Grappling with how to support students to meet the increased demands of the curriculum was beginning to feel like an insurmountable task, when suddenly, the solution became clear.
James was usually a confident student, bristling with energy – a joker, even – but when I sat next to him and asked him to read, he became quiet and subdued.
I asked him to read a short passage from a Sherlock Holmes story that we were studying. Picking at his cuffs nervously, he began to read.
A few questions posed to James revealed the truth. His stop-start reading and lack of fluency exposed large gaps in his knowledge. James simply didn’t have the words to access what he was reading.
I was left asking: how many times is James being left struggling in the dark owing to the academic language of school? How many students have the same challenges? And how can we help them?
Renowned cognitive scientist Daniel Willingham, a professor of psychology at the University of Virginia, has shown just how crucial word knowledge is to accessing the school curriculum: “Studies have measured readers’ tolerance of unfamiliar vocabulary, and have estimated that readers need to know about 98 per cent of the words for comfortable comprehension.”
And evidence from England has shown that, alongside socioeconomic status, vocabulary was one of the significant factors that proved relevant to children achieving an A* to C grade in mathematics, English language and English literature GCSEs.
With the increased reading comprehension demands in every subject at every key stage and phase, students, like James, are floundering. For example, in science, research from the Royal Society and the Education Endowment Foundation has shown that the biggest barrier for disadvantaged students is reading scientific texts. The academic vocabulary of science is too often inscrutable for students like James.
And words like “fraction” can completely change in meaning between a maths lesson, a science lesson and a history lesson.
If we don’t attend to closing the vocabulary gap early, then students like James will fulfil a dismal prophesy of struggle and failure in school.
So how do we explicitly teach vocabulary? How can we support students to access more challenging reading beyond their chronological age?
In simple terms, we know that school students need something like 50,000 words in their personal lexicon to flourish in secondary and beyond. A primary school-age child is typically learning at a rate of around 4,000 or 5,000 new words a year. How can we supercharge this vocabulary development?
One simple way is tackling the vocabulary gap head-on with explicit vocabulary instruction. The evidence-informed SEEC model (developed for my new book, Closing the Vocabulary Gap) can be helpful for primary and secondary school teachers alike in offering a systematic approach:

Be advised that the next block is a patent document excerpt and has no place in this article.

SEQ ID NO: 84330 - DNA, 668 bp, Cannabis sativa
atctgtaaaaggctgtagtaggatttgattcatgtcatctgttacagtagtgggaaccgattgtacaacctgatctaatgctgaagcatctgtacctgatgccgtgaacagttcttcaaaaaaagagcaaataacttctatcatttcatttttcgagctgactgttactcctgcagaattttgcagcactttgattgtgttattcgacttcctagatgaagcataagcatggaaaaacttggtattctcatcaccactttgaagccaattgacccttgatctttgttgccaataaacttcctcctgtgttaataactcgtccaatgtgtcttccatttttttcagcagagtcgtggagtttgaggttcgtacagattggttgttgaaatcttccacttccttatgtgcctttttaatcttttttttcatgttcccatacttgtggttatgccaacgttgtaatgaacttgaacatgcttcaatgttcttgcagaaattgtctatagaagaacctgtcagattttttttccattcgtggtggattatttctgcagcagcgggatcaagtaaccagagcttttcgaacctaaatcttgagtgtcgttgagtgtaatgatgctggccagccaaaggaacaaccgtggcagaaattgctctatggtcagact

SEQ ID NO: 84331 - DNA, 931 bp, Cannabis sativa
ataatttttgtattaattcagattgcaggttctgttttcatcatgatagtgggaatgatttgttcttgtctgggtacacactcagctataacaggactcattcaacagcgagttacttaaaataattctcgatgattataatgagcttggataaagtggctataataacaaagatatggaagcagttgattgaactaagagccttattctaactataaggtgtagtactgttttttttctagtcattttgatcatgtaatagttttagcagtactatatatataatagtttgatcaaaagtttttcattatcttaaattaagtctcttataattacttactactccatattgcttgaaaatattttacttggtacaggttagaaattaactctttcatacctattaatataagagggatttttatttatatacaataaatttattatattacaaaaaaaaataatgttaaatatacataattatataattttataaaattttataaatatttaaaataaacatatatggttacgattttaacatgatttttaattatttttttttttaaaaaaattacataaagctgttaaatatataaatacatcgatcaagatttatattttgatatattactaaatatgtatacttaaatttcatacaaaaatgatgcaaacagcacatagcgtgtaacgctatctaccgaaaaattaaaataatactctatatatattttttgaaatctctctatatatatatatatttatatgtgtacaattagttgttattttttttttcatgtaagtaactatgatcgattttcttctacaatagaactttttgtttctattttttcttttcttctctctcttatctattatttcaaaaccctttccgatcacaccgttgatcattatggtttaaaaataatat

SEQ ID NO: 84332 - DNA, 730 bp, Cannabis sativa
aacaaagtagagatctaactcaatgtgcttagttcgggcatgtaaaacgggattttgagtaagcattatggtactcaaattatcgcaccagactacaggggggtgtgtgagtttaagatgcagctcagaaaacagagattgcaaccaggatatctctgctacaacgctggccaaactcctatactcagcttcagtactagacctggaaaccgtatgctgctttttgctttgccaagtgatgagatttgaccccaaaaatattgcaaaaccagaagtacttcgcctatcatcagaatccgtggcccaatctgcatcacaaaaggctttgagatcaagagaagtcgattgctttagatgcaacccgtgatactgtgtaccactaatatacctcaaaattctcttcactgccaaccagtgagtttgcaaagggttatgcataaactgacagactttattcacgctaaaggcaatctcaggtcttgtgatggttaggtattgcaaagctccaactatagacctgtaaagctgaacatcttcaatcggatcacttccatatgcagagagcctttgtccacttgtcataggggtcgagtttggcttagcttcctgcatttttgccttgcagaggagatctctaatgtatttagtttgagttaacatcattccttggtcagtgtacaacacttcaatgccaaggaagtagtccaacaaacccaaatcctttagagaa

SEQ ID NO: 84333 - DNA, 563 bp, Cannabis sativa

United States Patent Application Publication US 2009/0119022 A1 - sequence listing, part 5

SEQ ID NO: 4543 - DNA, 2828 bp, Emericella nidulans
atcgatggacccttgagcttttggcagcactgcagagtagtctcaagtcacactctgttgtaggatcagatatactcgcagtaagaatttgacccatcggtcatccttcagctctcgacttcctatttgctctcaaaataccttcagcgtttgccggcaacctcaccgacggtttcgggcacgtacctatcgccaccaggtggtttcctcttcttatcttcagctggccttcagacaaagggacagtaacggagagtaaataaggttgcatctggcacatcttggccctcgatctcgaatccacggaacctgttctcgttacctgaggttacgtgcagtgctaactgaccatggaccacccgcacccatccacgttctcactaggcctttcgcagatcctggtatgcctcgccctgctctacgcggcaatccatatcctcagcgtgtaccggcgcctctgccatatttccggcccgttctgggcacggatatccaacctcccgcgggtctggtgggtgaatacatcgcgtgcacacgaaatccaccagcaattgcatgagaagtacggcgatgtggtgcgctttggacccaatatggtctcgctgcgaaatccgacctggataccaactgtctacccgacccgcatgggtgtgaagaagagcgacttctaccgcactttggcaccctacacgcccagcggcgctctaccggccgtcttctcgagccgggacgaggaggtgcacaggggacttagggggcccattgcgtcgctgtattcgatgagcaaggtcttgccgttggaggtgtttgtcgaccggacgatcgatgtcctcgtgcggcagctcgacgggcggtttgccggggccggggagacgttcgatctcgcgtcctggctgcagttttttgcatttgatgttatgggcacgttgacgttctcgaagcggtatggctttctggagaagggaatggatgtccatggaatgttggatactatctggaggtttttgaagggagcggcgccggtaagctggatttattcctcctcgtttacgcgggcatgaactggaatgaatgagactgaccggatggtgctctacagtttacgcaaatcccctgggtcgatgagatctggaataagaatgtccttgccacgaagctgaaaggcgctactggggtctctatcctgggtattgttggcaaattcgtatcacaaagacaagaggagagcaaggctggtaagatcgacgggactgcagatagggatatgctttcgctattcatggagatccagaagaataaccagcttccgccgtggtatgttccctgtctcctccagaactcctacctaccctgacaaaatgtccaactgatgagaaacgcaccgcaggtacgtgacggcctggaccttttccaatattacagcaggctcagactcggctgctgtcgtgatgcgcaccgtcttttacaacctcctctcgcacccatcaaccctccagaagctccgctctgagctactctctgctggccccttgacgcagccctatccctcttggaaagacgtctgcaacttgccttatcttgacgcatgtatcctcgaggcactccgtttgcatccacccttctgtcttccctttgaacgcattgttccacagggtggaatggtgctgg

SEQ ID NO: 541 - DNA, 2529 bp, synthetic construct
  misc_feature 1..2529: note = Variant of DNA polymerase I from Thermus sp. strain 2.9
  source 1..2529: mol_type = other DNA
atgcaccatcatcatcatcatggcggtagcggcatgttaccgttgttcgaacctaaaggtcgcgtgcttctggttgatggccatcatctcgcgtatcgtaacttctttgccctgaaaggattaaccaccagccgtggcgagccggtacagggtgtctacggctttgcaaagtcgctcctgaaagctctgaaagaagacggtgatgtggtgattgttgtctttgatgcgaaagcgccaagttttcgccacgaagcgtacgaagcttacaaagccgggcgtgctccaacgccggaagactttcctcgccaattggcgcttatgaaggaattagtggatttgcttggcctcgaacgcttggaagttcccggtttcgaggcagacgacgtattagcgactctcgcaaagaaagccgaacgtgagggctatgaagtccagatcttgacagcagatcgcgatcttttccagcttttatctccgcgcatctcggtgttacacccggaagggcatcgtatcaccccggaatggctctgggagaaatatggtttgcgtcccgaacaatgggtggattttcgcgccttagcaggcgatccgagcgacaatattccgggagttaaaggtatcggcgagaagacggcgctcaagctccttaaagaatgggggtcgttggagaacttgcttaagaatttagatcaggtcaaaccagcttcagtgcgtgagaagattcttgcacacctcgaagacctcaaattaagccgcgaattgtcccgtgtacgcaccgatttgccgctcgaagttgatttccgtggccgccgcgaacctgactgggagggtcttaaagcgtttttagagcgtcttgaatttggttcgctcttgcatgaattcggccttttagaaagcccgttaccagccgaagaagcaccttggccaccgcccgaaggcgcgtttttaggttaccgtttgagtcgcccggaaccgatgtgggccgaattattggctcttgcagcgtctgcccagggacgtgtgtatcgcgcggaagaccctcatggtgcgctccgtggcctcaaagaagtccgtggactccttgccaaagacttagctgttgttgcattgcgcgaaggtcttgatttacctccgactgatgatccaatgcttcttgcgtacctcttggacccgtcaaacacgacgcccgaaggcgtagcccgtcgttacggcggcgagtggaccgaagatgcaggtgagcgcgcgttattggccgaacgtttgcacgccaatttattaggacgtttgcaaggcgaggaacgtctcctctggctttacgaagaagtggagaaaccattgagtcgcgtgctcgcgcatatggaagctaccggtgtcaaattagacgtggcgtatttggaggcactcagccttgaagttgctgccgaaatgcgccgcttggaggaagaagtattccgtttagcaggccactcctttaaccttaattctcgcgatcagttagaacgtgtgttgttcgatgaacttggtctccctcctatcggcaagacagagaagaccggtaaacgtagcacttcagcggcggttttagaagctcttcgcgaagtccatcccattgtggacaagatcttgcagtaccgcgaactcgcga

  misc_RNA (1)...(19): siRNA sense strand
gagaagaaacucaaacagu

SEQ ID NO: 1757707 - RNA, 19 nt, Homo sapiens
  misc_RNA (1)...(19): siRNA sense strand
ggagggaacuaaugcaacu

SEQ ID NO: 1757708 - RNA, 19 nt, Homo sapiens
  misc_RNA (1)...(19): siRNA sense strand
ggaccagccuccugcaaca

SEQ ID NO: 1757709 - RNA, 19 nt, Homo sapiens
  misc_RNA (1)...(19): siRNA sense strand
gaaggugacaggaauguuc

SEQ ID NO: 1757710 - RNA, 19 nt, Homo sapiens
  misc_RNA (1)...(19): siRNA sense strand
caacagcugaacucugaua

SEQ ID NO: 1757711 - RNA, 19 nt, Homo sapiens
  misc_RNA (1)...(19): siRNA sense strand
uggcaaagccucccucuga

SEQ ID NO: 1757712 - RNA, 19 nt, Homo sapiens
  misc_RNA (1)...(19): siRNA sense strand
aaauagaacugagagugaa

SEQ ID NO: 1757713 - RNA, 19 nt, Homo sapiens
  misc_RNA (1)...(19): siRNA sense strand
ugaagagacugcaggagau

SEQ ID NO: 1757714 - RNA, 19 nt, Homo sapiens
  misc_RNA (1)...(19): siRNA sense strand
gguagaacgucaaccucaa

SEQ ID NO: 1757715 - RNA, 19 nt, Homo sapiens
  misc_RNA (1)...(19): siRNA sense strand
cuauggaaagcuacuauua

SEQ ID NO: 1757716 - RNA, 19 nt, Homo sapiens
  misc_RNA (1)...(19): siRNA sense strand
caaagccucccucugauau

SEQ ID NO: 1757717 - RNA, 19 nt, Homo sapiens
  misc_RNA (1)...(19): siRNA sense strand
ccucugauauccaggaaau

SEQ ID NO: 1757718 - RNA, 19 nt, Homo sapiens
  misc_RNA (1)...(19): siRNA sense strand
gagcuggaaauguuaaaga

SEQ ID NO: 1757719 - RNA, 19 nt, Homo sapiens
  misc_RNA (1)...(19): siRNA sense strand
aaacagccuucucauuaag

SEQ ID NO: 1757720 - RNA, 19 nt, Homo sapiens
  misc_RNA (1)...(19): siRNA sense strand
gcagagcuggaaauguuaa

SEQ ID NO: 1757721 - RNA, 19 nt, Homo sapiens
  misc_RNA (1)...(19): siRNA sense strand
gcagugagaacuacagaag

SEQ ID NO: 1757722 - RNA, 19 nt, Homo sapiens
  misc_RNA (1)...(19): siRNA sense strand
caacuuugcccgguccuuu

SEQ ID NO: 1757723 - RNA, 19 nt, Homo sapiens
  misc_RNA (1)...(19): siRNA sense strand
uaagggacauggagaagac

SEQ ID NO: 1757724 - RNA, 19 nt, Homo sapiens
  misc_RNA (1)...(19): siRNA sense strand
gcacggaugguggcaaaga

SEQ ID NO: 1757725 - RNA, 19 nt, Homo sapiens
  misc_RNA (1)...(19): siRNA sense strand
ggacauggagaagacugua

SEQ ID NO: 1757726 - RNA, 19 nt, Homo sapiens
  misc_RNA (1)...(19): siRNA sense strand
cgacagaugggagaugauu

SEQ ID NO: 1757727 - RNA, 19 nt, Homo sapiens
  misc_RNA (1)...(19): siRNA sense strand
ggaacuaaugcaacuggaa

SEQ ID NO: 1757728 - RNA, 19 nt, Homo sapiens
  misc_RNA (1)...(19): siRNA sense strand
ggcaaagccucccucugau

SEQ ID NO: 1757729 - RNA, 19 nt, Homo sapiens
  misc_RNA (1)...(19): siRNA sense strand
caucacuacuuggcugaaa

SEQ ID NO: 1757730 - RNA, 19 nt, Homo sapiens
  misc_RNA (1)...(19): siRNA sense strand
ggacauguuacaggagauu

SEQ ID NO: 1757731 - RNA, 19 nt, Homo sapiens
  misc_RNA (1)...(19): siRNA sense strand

- Select. What words do we need to choose as the most important vocabulary for students like James?
- Explain. Carefully pronounce the new word, write the word, offer a student-friendly definition and multiple examples.
- Explore. This is the fun bit. Talk about the words, use image association, compare synonyms and antonyms, dig into the roots of the word, and much more.
- Consolidate. This is often a missing link. We need to consciously revisit tricky academic vocabulary. Students need to use the words again and again, fostering vital repeated exposures to them.
Beyond this, we know that, ultimately, the most reliable method to broaden and deepen the vocabulary of our students is to get them reading a significant amount (a good reader can read a million words a year or more).
Leaving such reading to chance is not an option. We need to structure wider reading within the curriculum so that “reading for pleasure” is aligned with improving reading ability. For students like James, “reciprocal reading” – small peer group-led guided reading sessions – can prove a successful approach, helping them to deploy reading strategies deliberately with their peers. Many schools are weaving reading throughout the school day in innovative ways, from form time in the morning to an extended school day, so that students get the vital guided reading practice they need.
James, along with most students in classrooms across England, needed a great deal of support to close the vocabulary gap so that he could navigate his way through the curriculum. For him, reading a Sherlock Holmes story fluently, or a science textbook with understanding, will prove the making or breaking of his time in school.
Alex Quigley is director of Huntington Research School in York. He is the author of Closing the Vocabulary Gap, published by Routledge in April 2018